Gap Elimination Adjustment – GEA – may be one of the most confusing names ever thought up by an Albany bureaucrat, but it became a battle cry to educators and parents.
When New York State encountered a $10 billion deficit during the recession, it reduced state aid to schools as a way to help cover the deficit. GEA is the amount of money taken away from each district each year to help the state’s budget.
One administrator explained it this way: The state had a budget Gap that needed to be Eliminated by an Adjustment to state aid.
It was first enacted during the 2009-10 school year, but under a different name.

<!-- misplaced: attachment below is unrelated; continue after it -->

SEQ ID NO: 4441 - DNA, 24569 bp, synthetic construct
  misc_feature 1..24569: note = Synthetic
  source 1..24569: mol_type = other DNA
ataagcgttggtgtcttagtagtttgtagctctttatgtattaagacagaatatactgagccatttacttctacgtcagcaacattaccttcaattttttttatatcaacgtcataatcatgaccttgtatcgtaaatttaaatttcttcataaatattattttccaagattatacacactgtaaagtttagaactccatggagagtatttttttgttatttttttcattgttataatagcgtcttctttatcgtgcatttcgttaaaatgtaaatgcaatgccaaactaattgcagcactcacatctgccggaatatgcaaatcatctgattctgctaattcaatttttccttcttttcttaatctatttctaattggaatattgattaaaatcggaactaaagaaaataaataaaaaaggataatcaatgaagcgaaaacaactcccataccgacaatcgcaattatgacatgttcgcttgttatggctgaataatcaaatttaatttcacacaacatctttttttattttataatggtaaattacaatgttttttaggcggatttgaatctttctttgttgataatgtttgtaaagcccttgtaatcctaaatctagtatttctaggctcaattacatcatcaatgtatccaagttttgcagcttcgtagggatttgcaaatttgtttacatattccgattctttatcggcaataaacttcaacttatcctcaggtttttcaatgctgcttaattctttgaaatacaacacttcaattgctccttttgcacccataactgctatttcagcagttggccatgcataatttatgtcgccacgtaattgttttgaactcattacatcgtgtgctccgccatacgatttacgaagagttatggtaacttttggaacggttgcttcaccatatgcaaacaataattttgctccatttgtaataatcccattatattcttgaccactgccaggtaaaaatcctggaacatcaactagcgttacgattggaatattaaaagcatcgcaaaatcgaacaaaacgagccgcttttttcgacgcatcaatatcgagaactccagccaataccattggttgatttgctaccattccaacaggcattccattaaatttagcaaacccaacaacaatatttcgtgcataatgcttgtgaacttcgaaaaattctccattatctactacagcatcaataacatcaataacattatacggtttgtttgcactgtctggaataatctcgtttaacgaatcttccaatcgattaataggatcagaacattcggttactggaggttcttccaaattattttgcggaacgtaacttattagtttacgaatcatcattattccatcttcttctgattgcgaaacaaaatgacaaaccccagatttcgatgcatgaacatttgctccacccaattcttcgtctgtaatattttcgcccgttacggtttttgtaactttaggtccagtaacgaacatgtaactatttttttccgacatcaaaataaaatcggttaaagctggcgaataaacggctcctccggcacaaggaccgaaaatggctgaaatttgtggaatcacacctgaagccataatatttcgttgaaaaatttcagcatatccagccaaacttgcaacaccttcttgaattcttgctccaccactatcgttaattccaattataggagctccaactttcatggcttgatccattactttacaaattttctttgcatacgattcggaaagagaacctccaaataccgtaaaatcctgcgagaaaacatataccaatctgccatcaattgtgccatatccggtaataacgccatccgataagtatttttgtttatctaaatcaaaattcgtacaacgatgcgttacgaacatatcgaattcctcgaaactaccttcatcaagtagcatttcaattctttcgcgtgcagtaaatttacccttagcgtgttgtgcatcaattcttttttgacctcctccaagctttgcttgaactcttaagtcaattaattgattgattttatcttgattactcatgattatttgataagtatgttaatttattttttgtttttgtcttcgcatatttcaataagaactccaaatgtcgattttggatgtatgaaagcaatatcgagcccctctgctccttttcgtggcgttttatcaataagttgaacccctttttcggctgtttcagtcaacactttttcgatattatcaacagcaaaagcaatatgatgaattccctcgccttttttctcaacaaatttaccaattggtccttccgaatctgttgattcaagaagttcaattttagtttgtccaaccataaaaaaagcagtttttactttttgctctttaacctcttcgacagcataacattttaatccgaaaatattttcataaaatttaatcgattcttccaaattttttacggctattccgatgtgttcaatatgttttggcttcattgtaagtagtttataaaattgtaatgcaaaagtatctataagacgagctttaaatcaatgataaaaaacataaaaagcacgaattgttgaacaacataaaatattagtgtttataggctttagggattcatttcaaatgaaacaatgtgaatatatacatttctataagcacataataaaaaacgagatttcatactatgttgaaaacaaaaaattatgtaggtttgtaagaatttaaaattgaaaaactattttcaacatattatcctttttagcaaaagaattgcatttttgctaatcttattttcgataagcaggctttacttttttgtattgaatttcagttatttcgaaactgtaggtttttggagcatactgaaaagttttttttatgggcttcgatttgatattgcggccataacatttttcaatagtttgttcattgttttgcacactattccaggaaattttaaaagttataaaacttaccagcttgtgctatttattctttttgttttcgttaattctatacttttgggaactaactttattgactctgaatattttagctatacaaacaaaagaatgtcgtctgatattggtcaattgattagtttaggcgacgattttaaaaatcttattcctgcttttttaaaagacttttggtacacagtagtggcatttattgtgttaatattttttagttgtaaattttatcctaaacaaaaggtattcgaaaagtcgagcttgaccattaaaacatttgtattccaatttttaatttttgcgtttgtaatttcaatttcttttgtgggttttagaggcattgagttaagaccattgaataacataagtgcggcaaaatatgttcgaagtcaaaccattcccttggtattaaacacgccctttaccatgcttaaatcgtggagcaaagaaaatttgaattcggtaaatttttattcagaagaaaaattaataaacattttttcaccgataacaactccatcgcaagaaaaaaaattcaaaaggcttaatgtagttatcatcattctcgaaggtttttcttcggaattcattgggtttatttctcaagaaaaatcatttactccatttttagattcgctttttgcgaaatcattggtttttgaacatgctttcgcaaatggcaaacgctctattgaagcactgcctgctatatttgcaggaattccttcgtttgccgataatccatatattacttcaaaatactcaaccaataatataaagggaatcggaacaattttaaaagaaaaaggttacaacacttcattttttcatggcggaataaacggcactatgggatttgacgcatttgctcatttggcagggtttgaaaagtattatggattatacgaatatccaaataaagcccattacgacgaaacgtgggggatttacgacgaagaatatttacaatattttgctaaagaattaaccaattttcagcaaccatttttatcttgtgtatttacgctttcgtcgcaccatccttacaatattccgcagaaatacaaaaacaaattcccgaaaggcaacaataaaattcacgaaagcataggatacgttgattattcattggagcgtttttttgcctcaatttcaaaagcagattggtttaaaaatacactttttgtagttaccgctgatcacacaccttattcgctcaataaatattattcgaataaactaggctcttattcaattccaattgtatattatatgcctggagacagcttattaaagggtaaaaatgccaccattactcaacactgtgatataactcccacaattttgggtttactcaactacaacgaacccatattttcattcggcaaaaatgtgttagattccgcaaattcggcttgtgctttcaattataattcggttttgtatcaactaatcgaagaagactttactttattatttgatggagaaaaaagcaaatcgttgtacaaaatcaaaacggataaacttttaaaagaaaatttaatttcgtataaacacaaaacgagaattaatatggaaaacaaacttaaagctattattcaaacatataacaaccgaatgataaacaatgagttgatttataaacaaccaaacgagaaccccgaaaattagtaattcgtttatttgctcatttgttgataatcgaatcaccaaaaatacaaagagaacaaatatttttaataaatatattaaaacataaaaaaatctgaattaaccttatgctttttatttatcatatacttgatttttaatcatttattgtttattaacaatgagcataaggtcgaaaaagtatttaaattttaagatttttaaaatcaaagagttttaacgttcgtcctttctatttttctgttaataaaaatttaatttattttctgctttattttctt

GEA gained the ire of many when the state continued subtracting money from districts, even when it started running budget surpluses.
The state began subtracting less money, and called that amount “GEA Restoration.” That further confused the discussion, particularly when restoring the GEA (i.e., restoring the money subtracted from state aid) meant the same thing as eliminating the GEA (i.e., doing away with the budget gimmick altogether).